There are many different ways of shooting HDR photos, but today we’re going to look at HDR photography using Exposure Bracketing. This is a bit more work than using your camera’s built-in HDR mode but offers a number of advantages such as the ability to shoot in RAW format, and more control over the end result.
What is HDR Photography?
HDR photography is a technique used to overcome the inability of today’s cameras to adequately capture the full dynamic range of settings that include both very bright and very dark regions.
A classic example is when shooting an interior room with windows on a sunny day. If you tell the camera to expose the room properly, the windows will be completely white with light and you won’t see any of the detail from outdoors. On the other hand, if you set the exposure for the windows, then the entire room will be exposed deep in shadow, lacking most of the detail that you desire.
HDR stands for High Dynamic Range because it allows you to increase the range of contrast in your image — more detail in the shadows and highlights, to produce a photo that looks much more evenly lit.
There are several different methods of producing HDR photos. Most new DSLR cameras have a built-in HDR mode where it will record multiple exposures of an image and automatically merge them to produce a final HDR image. The problem with this approach is that in most cameras only a JPG image is supported as output (as opposed to RAW), and because the whole process is automatic, the photographer doesn’t have much control over the end result.
Today I’m going to show you a much better approach for HDR photography using exposure bracketing, which is slightly more effort upfront, but allows much more control and produces a better looking HDR photo.
How to use Exposure Bracketing for HDR Photography
We are going to use a feature built-in to most DSLR cameras now called Auto Exposure Bracketing. By turning on this mode, when you press the shutter release button, the camera will actually take several photos at a range of different exposures.
By setting the parameters appropriately, we can ensure that at least one shot is exposed for the bright areas in our scene, and at least one is exposed for the shadows. We can then combine these exposures into a single image using a computer.
The step-by-step instructions I am going to provide below on how to use exposure bracketing are geared towards Nikon cameras because that is what I use. The process should be very similar for users of Canon or other camera makes.
Step 1: Enable RAW photo format
While not absolutely essential to do so, it’s highly recommended to use RAW format for HDR photography. RAW images store 14 bits of image information, as opposed to 8 bits for JPG. Since we are trying to maximize the amount of color information available to produce our final HDR image, it makes sense to use the RAW format.
Step 2: Choose Auto-Exposure Bracketing in Camera Settings
Nikon cameras allow bracketing for several different camera settings, not only exposure. Since it’s exposure we want to bracket for in HDR photography, we need to tell the camera to do so. Following are the steps on a Nikon D750 camera:
i) Go to the (e) Bracketing/flash submenu in the Custom Setting Menu
ii) Select e6) Auto bracketing set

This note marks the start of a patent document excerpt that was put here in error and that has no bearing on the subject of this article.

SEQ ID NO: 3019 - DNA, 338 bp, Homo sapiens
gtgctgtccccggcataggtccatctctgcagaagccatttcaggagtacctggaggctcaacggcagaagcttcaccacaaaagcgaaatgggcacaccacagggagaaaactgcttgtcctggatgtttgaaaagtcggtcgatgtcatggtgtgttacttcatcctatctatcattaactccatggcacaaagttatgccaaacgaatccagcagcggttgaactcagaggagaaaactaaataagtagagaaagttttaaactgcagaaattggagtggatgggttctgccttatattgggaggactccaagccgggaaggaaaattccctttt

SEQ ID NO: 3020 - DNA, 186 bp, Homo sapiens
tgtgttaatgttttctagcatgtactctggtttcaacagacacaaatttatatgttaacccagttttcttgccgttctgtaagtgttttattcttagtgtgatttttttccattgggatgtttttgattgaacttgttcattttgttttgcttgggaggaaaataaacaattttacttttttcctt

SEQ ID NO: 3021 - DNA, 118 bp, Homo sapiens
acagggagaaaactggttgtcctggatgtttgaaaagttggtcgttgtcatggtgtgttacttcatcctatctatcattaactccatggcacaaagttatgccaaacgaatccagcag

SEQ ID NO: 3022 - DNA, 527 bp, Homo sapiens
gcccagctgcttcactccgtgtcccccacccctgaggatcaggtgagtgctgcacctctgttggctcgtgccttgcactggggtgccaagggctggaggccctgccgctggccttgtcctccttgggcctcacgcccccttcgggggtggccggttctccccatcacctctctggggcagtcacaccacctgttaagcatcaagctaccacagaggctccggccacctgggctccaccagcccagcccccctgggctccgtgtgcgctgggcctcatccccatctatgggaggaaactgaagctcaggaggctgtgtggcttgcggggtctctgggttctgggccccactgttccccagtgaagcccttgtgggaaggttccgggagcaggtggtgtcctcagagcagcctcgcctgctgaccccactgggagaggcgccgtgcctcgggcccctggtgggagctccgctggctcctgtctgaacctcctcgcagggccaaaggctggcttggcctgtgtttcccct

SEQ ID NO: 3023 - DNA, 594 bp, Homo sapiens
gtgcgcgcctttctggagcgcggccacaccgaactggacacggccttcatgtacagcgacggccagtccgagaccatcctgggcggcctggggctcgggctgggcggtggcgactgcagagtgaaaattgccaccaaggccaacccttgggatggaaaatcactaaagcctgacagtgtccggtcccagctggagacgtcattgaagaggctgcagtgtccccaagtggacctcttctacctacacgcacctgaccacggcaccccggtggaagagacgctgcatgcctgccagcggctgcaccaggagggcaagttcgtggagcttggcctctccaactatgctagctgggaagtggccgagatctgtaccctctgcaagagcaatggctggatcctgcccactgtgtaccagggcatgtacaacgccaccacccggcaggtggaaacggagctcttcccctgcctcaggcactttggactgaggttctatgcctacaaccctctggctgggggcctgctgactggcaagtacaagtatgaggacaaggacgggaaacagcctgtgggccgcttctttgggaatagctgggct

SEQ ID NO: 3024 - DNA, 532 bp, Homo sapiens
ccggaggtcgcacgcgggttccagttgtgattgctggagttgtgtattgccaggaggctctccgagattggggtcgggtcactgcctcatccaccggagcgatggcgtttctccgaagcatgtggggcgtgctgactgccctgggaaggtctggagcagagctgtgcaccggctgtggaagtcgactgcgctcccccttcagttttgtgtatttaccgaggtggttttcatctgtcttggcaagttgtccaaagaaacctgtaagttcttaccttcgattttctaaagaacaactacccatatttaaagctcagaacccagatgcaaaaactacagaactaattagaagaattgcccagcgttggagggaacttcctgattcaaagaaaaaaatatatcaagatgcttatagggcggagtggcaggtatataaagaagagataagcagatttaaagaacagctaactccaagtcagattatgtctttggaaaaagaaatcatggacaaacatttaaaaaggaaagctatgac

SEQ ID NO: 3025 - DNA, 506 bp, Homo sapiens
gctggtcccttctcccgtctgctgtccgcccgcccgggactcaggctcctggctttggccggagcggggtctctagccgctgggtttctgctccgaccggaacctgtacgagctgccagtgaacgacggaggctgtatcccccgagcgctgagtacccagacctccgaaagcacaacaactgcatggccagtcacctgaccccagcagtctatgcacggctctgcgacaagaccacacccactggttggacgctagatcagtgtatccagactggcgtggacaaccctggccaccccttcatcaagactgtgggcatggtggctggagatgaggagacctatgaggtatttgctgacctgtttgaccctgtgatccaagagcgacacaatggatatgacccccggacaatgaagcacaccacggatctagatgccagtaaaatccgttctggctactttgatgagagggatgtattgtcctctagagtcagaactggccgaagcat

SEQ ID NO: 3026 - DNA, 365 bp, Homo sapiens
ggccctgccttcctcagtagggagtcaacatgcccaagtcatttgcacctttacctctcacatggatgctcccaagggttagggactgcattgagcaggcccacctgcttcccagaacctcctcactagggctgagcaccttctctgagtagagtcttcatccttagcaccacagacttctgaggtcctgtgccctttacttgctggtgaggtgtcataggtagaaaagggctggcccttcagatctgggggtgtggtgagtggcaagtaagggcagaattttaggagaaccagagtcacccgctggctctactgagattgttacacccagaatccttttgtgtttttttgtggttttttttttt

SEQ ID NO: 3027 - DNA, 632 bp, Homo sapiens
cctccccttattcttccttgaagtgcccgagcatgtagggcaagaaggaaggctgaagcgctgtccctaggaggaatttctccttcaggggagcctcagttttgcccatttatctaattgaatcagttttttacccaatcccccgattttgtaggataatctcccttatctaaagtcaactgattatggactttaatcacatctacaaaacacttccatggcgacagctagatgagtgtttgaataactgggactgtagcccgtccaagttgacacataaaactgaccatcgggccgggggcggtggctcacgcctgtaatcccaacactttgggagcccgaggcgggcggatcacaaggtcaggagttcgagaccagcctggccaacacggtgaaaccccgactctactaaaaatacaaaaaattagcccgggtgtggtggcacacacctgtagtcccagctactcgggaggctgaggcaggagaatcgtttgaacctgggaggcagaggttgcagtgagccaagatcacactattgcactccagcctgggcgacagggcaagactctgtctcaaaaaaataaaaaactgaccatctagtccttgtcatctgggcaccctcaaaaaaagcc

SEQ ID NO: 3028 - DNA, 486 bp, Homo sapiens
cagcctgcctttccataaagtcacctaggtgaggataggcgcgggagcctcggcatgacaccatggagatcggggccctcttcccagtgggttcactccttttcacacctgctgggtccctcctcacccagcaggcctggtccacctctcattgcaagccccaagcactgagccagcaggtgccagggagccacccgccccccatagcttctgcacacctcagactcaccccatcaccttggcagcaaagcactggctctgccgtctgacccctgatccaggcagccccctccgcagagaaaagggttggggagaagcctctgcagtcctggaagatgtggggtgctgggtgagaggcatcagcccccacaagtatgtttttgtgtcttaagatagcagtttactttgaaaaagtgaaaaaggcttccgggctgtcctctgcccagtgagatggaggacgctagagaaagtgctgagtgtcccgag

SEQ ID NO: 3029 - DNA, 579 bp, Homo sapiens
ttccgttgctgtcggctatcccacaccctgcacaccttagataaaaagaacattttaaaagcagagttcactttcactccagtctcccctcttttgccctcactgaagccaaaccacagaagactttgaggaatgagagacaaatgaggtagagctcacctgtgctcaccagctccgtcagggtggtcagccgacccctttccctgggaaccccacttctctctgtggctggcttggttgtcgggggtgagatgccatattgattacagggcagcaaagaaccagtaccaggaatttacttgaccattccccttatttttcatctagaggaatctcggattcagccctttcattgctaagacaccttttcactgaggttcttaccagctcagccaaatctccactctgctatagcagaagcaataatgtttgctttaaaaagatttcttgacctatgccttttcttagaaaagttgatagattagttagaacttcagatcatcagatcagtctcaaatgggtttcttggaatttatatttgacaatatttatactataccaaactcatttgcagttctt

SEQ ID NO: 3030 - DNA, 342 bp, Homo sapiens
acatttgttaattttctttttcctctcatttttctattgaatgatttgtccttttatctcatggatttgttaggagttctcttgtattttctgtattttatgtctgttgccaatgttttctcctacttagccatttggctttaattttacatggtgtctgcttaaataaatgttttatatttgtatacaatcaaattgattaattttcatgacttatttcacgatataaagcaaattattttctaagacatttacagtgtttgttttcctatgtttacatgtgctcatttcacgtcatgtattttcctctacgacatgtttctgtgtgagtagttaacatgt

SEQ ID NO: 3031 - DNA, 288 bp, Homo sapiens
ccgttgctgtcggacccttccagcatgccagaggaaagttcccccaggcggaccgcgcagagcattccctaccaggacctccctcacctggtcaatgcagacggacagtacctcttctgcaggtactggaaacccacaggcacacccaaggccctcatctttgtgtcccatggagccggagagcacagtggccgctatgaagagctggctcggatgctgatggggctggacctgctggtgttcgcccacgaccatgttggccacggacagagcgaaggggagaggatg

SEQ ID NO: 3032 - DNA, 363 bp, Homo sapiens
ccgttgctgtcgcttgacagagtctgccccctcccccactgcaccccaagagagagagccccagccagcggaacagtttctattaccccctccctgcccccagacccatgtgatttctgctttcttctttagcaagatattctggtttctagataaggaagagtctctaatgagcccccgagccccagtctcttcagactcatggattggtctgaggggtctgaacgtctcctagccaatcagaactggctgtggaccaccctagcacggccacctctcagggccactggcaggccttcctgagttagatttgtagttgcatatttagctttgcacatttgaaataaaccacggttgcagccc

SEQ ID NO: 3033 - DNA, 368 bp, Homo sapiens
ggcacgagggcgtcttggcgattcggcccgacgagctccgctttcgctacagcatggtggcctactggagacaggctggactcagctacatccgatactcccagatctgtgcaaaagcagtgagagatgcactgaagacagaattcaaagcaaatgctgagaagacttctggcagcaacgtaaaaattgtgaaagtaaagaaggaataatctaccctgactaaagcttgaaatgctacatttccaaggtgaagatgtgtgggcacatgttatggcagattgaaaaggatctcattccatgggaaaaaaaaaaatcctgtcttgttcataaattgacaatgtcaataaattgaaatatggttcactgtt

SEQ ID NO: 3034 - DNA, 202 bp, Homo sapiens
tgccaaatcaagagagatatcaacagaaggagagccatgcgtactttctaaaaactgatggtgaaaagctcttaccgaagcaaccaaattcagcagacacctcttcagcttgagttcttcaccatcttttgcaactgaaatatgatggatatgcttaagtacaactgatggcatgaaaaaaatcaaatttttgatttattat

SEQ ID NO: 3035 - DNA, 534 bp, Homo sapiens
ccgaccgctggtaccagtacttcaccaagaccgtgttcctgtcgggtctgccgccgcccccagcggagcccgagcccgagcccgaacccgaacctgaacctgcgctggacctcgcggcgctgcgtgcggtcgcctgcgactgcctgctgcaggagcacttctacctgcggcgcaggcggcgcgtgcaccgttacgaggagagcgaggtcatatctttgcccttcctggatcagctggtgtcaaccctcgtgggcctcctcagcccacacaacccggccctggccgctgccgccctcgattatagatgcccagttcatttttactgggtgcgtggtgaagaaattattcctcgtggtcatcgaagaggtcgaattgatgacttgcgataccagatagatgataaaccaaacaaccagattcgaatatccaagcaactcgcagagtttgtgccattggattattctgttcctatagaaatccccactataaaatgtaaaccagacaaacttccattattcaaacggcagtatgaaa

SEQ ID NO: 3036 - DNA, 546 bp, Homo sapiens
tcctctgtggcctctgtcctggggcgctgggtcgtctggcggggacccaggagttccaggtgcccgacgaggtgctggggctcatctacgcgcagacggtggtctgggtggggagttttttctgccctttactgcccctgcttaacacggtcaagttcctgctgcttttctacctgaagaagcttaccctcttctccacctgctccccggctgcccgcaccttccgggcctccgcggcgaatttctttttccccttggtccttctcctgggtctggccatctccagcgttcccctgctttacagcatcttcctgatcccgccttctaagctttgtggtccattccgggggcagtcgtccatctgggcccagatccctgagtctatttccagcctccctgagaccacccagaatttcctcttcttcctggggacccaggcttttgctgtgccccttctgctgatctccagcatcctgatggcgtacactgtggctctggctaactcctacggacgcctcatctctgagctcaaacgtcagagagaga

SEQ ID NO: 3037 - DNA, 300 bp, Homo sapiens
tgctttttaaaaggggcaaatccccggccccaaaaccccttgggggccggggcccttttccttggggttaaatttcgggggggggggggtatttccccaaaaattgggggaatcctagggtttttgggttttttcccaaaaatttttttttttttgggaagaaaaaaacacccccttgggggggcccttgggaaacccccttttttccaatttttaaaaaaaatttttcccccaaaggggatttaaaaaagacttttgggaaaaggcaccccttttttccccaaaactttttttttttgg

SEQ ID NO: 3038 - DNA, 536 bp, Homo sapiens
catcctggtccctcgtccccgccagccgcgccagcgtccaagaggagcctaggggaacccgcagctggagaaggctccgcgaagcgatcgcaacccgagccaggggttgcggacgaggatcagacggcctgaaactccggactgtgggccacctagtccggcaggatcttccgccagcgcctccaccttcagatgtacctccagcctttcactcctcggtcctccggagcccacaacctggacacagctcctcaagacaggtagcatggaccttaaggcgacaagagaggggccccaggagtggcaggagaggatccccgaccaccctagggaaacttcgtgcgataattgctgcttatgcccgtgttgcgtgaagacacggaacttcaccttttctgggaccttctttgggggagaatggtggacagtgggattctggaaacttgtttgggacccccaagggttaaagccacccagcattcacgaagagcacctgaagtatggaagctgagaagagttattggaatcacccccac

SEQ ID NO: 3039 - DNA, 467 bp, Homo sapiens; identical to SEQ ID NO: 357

iii) Choose AE only mode. This will tell the camera to bracket the exposure only.
Step 3: Choose the number of shots
We need to tell the camera how many shots to take. One shot will always be at the camera’s metered exposure with no adjustment. The number of shots we specify will be evenly spaced above and below this reference point.
For my HDR photos, I usually keep it simple and choose 3 shots to start with. This means that there will be one shot at the reference exposure, one underexposed, and one overexposed.
i) Press and hold down the BKT button
ii) Rotate the command dial until you see the desired number of shots displayed on the LCD screen. Choose 3F if you want three shots as I have recommended.
Step 4: Choose the Exposure Increment
We need to also tell the camera exactly how much we want it to underexpose and overexpose each step. I like to be fairly aggressive with this, and choose a value of 2EV typically.
If using a 3 shot bracket as we set up above, this means we’ll get one photo at the metered exposure, one underexposed by 2EV and one overexposed by 2EV. This is a pretty good range for most situations, and should allow us to produce a great HDR photo in most cases.
i) While continuing to hold down the BKT button (see above), rotate the subcommand dial to set the exposure increment. Choose 2.0 if you want to go with my recommendation of a 2EV increment.
Step 5: Go ahead and shoot!
It’s pretty much a must to use a tripod when shooting HDR using exposure bracketing. Since we want to combine data from multiple images, we don’t want any movement in between the different exposures. Setting up on a tripod will help to keep everything steady.
When you press the shutter release button, if all goes according to plan, the camera should take several shots in a row depending on the number we set above. These are all stored as separate images on the camera — there’s nothing special about the photos themselves at this point, only the method we used to take them.
Now that we have several photos of varying exposures, we need to combine them into a single HDR photo using a computer. There’s many different software packages available to do this. One of the most popular is a package called Photomatix. Another option, and the one I’m going to show you next, is Adobe Lightroom.
NEXT STEP: How to use Lightroom to create HDR photos